Sleeping more than nine hours per night during pregnancy may be associated with late stillbirth, a new Michigan Medicine-led international study suggests.
Defects in the transport of cells' energy organelles are a suspected cause of diseases including Alzheimer's, ALS, Huntington's and Parkinson's. A new study reveals the genetics behind mitochondrial shifts.
intentionally controlled light can help regulate human health and productivity by eliciting various hormonal responses. Tailored LED wavelengths and intensities also can efficiently stimulate plant growth, alter their shapes and increase their nutritional value, opening a new world of scientific and technological possibilities for indoor farming.
People who sleep less than six hours a night may be at increased risk of cardiovascular disease compared with those who sleep between seven and eight hours, suggests a new study published in the Journal of the American College of Cardiology. Poor quality sleep increases the risk of atherosclerosis -- plaque buildup in the arteries throughout the body -- according to the study.
For optimal performance the brain can strike a balance of being alert, but not overly excited, using a circuit mechanism newly teased out by scientists at MIT's Picower Institute for Learning and Memory.
Widely prescribed 'benzodiazepine' sleeping pills suppress the sleeping brain's ability to wake us when it senses a threat. But an alternative class of hypnotics currently under development could allow users to rouse in the event of an earthquake, fire alarm or intruder, according to a new study. Published in Frontiers Behavioral Neuroscience, the research takes millions closer to sleeping safe and sound.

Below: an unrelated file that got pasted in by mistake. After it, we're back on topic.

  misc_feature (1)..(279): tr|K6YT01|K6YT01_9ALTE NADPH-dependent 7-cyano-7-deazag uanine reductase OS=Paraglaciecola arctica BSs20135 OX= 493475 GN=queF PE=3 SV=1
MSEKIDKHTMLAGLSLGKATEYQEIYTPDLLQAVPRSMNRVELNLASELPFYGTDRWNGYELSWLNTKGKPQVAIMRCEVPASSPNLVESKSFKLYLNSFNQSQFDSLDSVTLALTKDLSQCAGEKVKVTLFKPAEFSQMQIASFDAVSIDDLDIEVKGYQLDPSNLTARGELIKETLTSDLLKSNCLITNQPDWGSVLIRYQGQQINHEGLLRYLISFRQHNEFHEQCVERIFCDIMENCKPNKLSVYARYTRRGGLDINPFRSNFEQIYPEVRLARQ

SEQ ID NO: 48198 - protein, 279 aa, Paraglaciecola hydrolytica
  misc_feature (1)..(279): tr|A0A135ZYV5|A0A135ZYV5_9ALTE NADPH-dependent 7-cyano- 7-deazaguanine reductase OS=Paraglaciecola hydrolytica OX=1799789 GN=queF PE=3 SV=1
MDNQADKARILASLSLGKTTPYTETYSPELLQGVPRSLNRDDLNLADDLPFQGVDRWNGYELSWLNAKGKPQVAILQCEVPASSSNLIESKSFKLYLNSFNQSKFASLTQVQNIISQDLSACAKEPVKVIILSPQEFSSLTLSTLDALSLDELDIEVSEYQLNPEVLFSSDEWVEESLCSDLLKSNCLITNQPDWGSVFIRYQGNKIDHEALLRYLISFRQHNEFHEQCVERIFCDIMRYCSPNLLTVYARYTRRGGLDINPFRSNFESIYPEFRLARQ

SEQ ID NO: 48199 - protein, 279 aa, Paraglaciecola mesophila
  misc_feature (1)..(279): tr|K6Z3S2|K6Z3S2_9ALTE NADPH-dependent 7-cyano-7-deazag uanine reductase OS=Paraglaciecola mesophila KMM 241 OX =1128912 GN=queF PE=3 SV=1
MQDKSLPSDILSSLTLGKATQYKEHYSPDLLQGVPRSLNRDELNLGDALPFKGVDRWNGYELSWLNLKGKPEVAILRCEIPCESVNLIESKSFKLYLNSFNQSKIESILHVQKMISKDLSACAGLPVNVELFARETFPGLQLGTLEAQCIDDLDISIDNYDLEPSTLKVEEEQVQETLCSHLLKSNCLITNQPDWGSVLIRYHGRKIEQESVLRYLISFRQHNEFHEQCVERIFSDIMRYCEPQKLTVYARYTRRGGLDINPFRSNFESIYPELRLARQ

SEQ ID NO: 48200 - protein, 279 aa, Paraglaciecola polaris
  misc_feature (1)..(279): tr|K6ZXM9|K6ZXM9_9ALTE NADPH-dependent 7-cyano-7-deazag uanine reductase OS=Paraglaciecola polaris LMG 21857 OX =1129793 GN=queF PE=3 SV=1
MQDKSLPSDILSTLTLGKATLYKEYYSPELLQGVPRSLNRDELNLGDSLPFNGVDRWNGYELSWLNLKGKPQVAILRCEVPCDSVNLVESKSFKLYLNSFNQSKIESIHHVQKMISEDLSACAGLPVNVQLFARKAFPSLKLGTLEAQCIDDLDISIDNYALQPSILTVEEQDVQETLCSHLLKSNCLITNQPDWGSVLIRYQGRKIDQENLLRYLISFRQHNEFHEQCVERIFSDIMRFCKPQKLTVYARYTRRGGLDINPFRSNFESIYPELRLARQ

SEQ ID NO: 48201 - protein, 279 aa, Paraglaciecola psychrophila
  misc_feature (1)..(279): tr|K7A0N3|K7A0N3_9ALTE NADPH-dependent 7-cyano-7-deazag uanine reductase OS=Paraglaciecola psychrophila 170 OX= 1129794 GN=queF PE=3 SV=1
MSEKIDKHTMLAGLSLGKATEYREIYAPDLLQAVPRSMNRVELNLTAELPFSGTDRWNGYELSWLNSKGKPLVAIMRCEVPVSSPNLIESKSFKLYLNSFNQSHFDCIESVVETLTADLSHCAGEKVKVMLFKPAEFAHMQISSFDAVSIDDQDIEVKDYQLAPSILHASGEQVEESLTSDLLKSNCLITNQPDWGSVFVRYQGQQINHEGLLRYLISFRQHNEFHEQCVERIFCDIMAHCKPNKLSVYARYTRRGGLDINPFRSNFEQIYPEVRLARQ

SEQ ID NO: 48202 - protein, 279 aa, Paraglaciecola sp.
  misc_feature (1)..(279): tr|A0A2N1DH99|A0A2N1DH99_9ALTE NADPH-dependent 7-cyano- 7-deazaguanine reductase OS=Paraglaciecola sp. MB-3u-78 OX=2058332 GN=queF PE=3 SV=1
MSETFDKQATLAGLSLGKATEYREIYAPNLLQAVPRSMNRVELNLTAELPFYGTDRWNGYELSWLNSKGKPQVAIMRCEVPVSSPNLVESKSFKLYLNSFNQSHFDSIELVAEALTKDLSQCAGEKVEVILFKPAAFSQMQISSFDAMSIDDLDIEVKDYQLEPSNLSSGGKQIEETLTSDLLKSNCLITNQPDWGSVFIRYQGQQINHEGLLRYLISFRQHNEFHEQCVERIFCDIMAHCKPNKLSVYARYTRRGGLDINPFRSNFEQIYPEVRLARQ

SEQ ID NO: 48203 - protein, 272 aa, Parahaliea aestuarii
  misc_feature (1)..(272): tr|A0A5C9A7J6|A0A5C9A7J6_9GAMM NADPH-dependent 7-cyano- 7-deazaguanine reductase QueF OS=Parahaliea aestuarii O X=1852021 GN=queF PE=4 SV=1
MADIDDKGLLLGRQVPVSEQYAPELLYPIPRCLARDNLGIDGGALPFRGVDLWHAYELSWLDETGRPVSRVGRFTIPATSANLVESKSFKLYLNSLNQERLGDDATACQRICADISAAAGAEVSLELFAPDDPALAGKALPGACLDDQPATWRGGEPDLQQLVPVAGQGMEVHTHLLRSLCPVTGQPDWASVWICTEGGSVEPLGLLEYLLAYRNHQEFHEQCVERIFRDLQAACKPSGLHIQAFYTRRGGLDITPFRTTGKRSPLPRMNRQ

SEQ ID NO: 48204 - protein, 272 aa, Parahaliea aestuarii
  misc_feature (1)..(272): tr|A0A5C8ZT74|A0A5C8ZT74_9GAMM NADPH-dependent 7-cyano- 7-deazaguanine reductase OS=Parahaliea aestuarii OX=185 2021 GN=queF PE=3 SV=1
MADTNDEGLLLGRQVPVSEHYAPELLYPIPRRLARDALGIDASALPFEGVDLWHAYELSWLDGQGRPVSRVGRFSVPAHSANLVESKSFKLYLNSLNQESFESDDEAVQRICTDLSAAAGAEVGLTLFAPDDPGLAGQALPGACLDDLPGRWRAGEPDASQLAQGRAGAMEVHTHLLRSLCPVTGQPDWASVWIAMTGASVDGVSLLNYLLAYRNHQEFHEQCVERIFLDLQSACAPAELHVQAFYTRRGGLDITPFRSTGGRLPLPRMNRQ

A Medical Research Council funded study published today in the journal Science, has found that astrocytes, previously thought of as just supporting neurons in regulating circadian rhythms, can actually lead the tempo of the body's internal clock and have been shown for the first time to be able to control patterns of daily behavior in mammals.
Researchers at Washington University School of Medicine in St. Louis -- working with mice with sleep problems similar to those experienced by people with the genetic disease neurofibromatosis type 1 (NF1) -- believe the animals will help shed light on insomnia linked to NF1 or other factors.
Researchers at Washington University School of Medicine in St. Louis have uncovered part of the explanation for why poor sleep is linked to Alzheimer's disease. They found that older people who have less slow-wave sleep -- the deep sleep you need to consolidate memories and wake up feeling refreshed -- have higher levels of the brain protein tau. Elevated tau is a sign of Alzheimer's disease and has been linked to brain damage and cognitive decline.
Researchers at the Netherlands Institute for Neuroscience revealed that there are five types of insomnia. Type 1 scores high on many distressing traits such as neuroticism and feeling down or tense. Types 2 and 3 experienced less distress and were distinguished by their high versus low sensitivity to reward. Type 4 and 5 experienced even less distress and differed by the way their sleep responded to stressful life events.